Entertainment Magazine

Kick: Between Heart and Brain

Posted on the 25 July 2014 by Haricharanpudipeddi @pudiharicharan

Movie: Kick

Director: Sajid Nadiadwala

Cast: Salman Khan, Jacqueline Fernandes, Randeep Hooda, Nawazuddin Siddiqui, Pankaj Mishra, Mithun Chakraborty, Nargis Fakhri

Rating: **

Towards the end of “Kick”, Salman Khan delivers a punch line – ‘Mein dil mein aata hoon, samaj mein nahi’. This line, which makes it very obvious what should one expect from the film, should have ideally come at the beginning like a statutory warning. Because then you wouldn’t be wondering how can a hero get away in a bicycle when chased by cops in cars, fall off a bridge in a bus and yet manage to walk away without a scratch and rob wearing a mask that hardly conceals his identity. Nevertheless, a true Bhai fan will love “Kick” and is sure to get a kick out of it (or will at least pretend) and all others will find their own reasons (there are plenty) to hate it.

Like how these television advertisements featuring amazing stunts come with a warning right at the bottom (these stunts are performed by experts. Please do not try them at home), a Salman Khan film should come with a warning, preferably on the movie ticket (Bhai ki picture dil mein aata hain, samaj mein nahi). This would make the job of a film critic easier and avoid him or her from doing a postmortem of a Bhai film.

Salman’s “Kick”, an eponymous remake of a Telugu blockbuster, mostly oscillates between a viewer’s brain and heart. It forces you to, for once, not think with your brain but with your heart. When you succeed in doing it, you are likely to watch the movie with a grin on your face.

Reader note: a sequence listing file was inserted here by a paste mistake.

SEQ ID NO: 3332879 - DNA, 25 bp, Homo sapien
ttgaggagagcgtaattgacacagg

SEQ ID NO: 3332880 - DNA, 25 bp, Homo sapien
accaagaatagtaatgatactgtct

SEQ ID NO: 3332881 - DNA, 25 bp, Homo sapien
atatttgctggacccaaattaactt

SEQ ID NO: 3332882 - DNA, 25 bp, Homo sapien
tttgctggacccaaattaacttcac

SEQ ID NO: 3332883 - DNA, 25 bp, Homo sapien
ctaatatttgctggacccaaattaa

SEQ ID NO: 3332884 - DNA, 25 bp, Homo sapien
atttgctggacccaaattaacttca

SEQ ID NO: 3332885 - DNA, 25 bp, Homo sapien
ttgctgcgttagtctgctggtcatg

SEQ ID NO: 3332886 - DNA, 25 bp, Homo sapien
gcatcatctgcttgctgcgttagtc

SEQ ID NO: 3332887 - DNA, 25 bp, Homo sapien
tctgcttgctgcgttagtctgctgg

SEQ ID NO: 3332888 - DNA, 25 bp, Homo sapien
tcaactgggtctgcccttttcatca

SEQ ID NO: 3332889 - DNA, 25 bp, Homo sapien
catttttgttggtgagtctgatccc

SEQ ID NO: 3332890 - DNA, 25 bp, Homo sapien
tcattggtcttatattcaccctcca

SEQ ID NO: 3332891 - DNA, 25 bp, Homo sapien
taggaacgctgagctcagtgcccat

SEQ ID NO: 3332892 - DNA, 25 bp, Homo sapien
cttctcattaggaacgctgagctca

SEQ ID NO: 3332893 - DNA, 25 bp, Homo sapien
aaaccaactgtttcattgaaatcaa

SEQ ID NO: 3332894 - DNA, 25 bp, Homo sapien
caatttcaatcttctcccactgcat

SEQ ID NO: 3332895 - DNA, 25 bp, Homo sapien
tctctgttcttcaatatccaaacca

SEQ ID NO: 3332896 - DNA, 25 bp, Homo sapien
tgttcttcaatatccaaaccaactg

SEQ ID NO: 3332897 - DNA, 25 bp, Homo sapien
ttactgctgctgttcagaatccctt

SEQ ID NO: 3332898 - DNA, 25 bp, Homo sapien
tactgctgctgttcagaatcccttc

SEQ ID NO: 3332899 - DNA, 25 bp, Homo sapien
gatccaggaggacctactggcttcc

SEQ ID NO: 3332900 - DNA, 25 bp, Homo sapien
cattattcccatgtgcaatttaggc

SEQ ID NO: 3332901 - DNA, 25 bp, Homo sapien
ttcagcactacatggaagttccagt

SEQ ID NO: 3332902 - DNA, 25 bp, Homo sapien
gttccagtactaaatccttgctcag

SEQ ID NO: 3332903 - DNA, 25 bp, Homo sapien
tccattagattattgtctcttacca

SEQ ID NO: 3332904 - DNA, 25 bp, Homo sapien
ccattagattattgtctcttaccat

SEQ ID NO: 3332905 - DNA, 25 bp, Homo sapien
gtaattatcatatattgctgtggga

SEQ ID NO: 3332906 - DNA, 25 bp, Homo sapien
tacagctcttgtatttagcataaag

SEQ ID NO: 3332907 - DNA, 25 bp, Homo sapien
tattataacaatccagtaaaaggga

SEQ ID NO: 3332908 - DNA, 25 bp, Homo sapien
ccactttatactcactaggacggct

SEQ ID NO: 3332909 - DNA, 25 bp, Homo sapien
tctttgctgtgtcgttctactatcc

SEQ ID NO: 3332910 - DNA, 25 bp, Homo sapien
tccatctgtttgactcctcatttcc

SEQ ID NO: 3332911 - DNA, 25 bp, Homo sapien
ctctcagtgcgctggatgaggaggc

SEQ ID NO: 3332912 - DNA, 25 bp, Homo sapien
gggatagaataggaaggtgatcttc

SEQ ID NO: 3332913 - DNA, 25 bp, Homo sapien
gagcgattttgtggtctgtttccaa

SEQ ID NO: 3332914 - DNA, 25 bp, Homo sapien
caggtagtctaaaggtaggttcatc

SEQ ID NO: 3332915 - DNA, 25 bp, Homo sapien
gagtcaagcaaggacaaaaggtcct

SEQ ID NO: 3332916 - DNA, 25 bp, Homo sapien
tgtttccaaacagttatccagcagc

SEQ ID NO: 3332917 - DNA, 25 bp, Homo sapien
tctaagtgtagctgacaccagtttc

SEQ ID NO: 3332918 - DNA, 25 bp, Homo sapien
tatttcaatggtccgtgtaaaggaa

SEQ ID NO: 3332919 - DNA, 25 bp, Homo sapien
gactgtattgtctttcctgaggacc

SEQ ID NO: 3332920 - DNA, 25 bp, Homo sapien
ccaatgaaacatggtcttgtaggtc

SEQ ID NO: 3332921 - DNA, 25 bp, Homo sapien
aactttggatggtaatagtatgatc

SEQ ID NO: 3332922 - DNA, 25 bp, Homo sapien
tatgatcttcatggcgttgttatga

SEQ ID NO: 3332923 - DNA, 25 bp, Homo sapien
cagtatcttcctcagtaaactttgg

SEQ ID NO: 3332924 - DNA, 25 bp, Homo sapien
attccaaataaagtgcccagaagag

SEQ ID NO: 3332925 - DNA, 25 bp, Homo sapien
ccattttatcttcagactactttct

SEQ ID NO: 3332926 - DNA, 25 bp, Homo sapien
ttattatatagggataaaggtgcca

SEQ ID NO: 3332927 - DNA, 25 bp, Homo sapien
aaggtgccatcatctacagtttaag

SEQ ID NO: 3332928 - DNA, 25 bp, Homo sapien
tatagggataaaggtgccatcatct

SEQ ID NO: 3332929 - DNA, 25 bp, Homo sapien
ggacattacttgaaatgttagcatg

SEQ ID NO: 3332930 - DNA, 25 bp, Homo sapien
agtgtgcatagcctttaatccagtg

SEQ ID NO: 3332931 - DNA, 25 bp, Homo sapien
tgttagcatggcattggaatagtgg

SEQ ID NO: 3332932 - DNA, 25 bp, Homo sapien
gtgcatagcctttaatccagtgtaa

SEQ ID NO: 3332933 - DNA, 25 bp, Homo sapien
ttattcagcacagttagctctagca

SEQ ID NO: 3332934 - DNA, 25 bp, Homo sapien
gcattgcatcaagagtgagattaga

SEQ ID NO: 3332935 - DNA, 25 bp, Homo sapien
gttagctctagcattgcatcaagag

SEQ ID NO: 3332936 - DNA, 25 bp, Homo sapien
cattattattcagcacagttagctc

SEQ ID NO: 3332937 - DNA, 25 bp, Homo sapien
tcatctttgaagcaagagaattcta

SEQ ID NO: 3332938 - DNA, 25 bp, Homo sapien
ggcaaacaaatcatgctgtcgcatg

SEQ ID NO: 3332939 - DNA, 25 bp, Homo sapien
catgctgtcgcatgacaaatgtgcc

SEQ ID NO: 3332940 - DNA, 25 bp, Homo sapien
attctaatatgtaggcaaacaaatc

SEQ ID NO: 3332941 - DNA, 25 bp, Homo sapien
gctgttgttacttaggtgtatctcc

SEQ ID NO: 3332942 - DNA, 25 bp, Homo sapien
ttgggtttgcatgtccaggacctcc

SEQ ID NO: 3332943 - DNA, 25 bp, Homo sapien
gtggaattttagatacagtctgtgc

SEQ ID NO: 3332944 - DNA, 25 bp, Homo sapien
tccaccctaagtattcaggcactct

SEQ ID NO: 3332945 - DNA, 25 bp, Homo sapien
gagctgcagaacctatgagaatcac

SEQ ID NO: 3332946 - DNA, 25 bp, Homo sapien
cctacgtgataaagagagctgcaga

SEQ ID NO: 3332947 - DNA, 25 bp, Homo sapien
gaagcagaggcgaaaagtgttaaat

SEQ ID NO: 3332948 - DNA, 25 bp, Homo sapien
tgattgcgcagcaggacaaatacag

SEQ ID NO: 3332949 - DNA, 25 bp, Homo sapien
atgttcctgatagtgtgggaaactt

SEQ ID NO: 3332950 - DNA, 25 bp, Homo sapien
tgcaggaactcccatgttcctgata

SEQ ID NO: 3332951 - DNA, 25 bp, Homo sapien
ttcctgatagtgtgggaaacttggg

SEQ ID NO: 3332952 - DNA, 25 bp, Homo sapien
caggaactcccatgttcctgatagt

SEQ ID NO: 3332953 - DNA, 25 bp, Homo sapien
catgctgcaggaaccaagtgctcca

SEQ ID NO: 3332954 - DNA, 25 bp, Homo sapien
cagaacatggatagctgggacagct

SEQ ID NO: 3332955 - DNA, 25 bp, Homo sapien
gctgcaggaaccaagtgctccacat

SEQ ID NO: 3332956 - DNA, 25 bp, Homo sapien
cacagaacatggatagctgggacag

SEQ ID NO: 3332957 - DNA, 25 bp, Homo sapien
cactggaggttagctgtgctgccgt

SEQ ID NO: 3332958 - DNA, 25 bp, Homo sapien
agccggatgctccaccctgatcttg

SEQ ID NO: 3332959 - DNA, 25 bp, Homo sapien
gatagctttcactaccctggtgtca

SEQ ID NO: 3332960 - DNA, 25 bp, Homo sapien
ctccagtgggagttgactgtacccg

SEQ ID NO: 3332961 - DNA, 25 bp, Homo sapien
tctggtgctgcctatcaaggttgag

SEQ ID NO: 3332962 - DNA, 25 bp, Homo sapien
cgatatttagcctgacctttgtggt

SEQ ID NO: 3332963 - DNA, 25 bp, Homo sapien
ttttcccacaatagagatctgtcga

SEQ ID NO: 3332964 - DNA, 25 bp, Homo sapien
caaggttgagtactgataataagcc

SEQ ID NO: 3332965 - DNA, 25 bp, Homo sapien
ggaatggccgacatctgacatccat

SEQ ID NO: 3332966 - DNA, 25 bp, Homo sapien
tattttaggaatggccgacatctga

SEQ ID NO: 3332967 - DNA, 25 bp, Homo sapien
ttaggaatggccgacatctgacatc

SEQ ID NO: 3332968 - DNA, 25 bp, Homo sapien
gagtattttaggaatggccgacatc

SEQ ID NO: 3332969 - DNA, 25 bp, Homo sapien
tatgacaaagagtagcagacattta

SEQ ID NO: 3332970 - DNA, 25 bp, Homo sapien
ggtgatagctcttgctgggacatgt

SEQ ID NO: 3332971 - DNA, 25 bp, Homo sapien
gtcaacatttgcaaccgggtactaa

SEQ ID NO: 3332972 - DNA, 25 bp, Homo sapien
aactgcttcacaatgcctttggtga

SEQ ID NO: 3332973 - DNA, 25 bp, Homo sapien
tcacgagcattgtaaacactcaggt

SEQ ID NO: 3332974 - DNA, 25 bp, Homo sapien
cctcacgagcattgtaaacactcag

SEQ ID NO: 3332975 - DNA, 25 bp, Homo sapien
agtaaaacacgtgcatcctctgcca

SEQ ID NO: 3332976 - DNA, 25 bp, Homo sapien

Bhai doesn’t go shirtless in the film, stands up against a group of men bothering women (as a bhai he’s bound to do that and subsequently deliver a long speech), drives a bus in a chase scene off the road to save a mother and her baby (always seen in Indian films), rides a bike with a car-like behind, robs for the poor and is an adrenaline junkie.

If Ravi Teja made the original work purely with his antics, Salman achieves the same with his stardom. He steals every opportunity from Randeep and Nawaz to shine and uses it to keep himself in the limelight, almost in every frame. But I still loved Nawaz as the baddie. The ease with which he pulled it off explains why he’s one of the finest actors in the industry. Though I felt his maniacal laugh was a turn off after a few times. Bhai has a track record of introducing pretty damsels, but is always paired with actresses who can’t act for nuts and Jacqueline (she’s extremely hot) happens to be one among them.

The movie is high on production values and for a change you don’t see Bhai in the opening frame. It’s Jacqueline. He comes little later. Sajid as producer and director didn’t quite make major changes to the story. There’s absolutely no need to when it has Bhai. Music of “Jai Ho” was a disaster but Himesh gives “Kick” a kick with his soundtrack.  And there’s absolutely nothing “Dhoom” about “Kick” except for the chase sequences.

Back to Featured Articles on Logo Paperblog